He walked me through how he and his friends were scrambling to locate an apartment that ticked all of the necessary boxes, “As it got later and later, we realized that to find a place we liked, we were either going to have to go up in price range or go outside of our desired location.” As they struggled to find a place to have a roof over their heads, they knew it was time to make a decision, even if it wasn’t ideal.
His words of advice to students looking to go off of campus? “Make sure to get the housing early, so people don’t end up like us.”
Finding housing isn’t the end of problems to be encountered off campus, though.
Paige, who moved off-campus for her sophomore year (probably hoping to escape the bats), spoke about one of the scariest parts of her new location — maintenance men.
“They like to just walk into the apartment whenever we put in a request, no knocking,” Paige said. While this practice is scary for a variety of reasons — not the least of which is having strangers in your home without announcement — it is also deeply problematic for her roommates. “Two of my roommates are Muslim, and they need to know when men will be around.”
She told me that maintenance men appearing in their home unannounced has happened multiple times. In the event they do knock, but no one comes to the door, they will let themselves in, as they assume no one is home. Expressing their concerns to management has done nothing to help them resolve this issue.
Off-campus living was made especially difficult last year, with COVID restrictions made by both the university and the county health department.
One junior who lived in sorority housing last year, shared with me some of the biggest struggles the pandemic introduced for those who live in communal living situations, as dictated by Madison and Dane County’s health department.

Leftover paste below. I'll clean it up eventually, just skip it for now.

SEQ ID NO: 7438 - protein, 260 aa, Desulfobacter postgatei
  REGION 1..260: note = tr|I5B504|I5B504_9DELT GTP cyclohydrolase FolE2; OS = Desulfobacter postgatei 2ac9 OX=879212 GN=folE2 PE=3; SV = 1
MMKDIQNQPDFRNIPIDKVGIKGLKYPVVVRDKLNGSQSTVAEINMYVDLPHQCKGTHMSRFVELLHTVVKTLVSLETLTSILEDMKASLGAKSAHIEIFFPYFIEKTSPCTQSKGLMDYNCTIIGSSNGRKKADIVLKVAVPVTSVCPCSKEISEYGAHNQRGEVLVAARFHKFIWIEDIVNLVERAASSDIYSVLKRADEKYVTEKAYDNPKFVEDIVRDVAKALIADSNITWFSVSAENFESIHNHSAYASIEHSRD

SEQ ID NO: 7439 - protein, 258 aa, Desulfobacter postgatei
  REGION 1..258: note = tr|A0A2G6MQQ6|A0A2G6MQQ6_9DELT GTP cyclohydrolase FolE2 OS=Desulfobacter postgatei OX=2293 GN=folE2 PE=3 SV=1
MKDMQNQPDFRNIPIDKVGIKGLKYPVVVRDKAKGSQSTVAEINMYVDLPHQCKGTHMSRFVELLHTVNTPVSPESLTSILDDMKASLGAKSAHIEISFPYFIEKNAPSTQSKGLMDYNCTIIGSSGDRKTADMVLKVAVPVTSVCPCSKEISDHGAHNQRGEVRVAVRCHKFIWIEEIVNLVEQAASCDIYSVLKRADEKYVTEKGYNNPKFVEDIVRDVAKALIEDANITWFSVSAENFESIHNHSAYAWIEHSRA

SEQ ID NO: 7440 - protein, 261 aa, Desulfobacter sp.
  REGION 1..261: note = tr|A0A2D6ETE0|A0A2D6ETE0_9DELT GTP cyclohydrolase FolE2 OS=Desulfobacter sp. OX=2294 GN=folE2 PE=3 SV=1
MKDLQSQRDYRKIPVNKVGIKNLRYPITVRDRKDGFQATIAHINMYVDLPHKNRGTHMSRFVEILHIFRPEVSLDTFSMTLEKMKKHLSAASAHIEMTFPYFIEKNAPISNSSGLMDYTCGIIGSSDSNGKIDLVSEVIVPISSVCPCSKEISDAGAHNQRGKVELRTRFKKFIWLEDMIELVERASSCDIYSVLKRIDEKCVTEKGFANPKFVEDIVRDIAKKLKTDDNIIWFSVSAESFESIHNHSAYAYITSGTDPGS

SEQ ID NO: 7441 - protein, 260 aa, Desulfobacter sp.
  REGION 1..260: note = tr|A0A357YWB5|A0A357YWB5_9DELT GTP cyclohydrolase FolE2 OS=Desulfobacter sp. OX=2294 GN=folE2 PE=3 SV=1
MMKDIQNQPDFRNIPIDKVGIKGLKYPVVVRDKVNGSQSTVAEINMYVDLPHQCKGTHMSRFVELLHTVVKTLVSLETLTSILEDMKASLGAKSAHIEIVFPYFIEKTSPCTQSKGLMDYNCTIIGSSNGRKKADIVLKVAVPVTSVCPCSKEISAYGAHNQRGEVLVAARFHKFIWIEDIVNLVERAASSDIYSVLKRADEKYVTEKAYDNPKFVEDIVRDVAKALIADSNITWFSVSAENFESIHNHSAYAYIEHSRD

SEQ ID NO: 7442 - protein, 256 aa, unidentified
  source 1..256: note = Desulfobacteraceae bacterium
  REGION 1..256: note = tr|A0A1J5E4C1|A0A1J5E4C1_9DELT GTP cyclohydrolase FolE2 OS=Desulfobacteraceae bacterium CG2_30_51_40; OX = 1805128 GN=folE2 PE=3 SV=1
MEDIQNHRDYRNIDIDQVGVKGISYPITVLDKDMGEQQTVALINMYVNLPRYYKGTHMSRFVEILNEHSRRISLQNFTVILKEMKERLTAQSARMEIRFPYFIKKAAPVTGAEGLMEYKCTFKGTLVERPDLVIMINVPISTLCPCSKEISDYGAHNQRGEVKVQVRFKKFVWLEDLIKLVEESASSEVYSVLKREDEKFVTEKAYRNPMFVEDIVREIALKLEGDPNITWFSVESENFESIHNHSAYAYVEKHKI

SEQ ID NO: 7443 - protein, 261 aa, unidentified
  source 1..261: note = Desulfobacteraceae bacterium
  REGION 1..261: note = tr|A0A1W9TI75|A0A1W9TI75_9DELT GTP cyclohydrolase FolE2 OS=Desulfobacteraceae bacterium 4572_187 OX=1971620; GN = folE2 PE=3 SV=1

With 50 girls living in one house, the rules surrounding quarantine and COVID safety were confusing and frustrating.
At one point, when the floor she lived on in the sorority house had gone on lockdown, she and other girls on that floor had been confined to their rooms. Later in the year, if any of the 50 girls in the house tested positive, each and every one of their “Badger Badges” would turn red, restricting them from attending their in-person classes or going into any campus buildings.
“Throughout the year, we went back and forth with the Dane County Health Department as they kept trying to put us in what seemed like an endless lockdown,” she shared, highlighting the inconsistency across the close-contact rules the university had set in place for the Badger Badges last school year.
Frustrations with housing seems to be all-encompassing and widespread in Madison. Whether on or off campus, a myriad of scary phenomena permeate living situations everywhere.
So where does this leave us? Hopeless? Destined to live through our own housing horror stories?
I don’t think so. And neither does she, who told me, “The silver lining was that it was all such a mess that we all got super close through trying to navigate the chaos of the year together.”
Having friends that you can lean on makes these situations all the more bearable. The takeaway from these situations shouldn’t be to anticipate the worst, but instead to build your support system and rely on them when you need it.